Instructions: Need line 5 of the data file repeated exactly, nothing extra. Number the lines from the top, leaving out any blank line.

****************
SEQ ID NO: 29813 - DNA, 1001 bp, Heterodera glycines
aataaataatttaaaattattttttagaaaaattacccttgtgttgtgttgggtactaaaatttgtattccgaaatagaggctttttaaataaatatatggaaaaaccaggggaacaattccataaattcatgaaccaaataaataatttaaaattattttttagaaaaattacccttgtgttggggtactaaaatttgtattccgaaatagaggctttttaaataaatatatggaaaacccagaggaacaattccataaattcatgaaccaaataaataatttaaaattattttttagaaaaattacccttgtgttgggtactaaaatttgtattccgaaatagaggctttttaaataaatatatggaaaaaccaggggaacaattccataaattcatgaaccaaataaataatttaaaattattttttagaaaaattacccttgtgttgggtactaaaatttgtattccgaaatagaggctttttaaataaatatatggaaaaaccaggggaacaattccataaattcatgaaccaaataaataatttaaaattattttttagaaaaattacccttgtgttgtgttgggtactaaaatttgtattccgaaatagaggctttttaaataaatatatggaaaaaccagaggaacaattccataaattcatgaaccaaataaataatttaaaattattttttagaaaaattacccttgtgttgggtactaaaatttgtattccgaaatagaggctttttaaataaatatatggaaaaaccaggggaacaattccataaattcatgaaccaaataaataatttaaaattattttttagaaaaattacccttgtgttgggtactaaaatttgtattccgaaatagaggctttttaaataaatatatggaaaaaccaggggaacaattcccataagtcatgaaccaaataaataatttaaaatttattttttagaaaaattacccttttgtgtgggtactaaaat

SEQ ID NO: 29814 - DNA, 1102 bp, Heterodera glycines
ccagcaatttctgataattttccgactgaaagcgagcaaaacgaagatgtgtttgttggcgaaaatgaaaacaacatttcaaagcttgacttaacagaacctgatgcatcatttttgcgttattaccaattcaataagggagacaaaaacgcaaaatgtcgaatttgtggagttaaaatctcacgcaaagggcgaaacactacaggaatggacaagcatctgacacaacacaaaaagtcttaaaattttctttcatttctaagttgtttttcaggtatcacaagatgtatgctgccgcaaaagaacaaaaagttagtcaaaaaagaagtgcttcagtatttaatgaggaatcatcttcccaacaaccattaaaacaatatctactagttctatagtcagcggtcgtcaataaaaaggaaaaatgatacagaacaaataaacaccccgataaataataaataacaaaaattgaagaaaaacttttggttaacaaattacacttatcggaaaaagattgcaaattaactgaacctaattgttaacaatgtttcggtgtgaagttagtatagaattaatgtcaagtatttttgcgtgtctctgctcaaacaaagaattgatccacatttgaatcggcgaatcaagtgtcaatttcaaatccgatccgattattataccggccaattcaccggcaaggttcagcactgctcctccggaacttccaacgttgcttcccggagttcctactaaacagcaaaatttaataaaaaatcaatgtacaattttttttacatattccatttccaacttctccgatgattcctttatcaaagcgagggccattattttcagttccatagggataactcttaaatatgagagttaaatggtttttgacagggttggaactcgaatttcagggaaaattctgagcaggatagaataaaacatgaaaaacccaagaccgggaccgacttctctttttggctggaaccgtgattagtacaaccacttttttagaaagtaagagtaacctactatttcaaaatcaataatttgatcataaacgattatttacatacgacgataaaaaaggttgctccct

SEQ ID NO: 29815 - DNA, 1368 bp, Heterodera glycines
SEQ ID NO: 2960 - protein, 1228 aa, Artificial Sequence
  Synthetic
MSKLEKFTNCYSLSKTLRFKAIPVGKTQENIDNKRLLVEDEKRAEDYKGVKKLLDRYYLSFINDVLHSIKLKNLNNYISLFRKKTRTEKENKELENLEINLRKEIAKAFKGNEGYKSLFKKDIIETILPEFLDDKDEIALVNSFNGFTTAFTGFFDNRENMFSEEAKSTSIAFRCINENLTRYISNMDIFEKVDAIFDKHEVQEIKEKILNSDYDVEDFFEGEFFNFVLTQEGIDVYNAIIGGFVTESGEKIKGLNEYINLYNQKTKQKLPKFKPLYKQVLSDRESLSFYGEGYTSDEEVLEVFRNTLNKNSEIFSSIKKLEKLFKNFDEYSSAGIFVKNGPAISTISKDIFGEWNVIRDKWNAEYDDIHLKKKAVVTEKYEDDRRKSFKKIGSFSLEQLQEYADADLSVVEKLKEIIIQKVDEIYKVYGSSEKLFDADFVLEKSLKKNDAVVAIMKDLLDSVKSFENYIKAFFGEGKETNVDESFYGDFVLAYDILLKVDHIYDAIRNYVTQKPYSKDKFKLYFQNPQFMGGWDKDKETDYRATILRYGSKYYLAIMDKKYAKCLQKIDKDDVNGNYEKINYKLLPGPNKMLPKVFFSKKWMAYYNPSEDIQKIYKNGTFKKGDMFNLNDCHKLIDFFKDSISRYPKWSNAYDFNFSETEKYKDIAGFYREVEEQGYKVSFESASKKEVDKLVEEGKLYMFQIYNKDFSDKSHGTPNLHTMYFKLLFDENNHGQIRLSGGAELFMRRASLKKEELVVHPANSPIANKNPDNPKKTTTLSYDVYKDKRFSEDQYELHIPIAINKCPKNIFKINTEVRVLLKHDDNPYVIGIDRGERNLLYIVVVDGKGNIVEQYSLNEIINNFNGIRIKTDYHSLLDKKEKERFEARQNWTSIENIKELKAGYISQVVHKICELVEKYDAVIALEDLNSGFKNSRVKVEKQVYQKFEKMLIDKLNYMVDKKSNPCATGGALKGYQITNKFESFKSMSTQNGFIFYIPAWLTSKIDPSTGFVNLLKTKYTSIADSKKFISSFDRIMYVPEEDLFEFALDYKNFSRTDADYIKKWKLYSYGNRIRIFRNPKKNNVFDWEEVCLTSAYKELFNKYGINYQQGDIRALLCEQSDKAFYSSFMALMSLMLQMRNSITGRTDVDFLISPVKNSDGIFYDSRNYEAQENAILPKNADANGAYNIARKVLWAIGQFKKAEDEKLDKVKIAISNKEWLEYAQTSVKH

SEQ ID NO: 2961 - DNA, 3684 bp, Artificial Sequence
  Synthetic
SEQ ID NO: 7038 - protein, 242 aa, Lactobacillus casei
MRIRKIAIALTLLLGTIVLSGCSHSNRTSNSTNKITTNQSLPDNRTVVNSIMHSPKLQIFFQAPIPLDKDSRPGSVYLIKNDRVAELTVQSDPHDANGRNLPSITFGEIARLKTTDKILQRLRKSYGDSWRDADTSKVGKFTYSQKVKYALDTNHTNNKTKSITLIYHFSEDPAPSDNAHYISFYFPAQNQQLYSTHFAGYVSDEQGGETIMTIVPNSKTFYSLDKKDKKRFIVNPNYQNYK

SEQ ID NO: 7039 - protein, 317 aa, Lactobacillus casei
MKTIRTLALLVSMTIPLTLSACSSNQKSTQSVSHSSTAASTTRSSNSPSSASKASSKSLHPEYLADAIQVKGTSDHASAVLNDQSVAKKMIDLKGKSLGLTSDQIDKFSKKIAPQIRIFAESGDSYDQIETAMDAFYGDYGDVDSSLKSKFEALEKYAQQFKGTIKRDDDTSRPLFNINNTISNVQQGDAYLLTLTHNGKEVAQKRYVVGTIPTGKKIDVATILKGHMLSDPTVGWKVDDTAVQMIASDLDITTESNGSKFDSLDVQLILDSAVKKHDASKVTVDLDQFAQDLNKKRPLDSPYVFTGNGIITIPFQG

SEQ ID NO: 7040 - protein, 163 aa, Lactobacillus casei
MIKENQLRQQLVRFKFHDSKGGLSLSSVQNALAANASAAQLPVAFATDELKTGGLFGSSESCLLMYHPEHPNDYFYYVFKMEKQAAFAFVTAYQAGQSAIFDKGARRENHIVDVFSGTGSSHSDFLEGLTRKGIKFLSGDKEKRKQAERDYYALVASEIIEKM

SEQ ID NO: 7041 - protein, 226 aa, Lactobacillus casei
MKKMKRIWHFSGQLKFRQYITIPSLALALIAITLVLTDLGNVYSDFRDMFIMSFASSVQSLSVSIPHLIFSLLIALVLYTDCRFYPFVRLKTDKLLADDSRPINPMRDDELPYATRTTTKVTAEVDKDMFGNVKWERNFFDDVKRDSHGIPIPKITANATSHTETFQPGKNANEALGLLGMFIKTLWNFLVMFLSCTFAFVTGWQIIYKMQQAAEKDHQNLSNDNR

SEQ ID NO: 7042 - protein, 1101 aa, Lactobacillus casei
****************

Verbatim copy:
SEQ ID NO: 29815 - DNA, 1368 bp, Heterodera glycines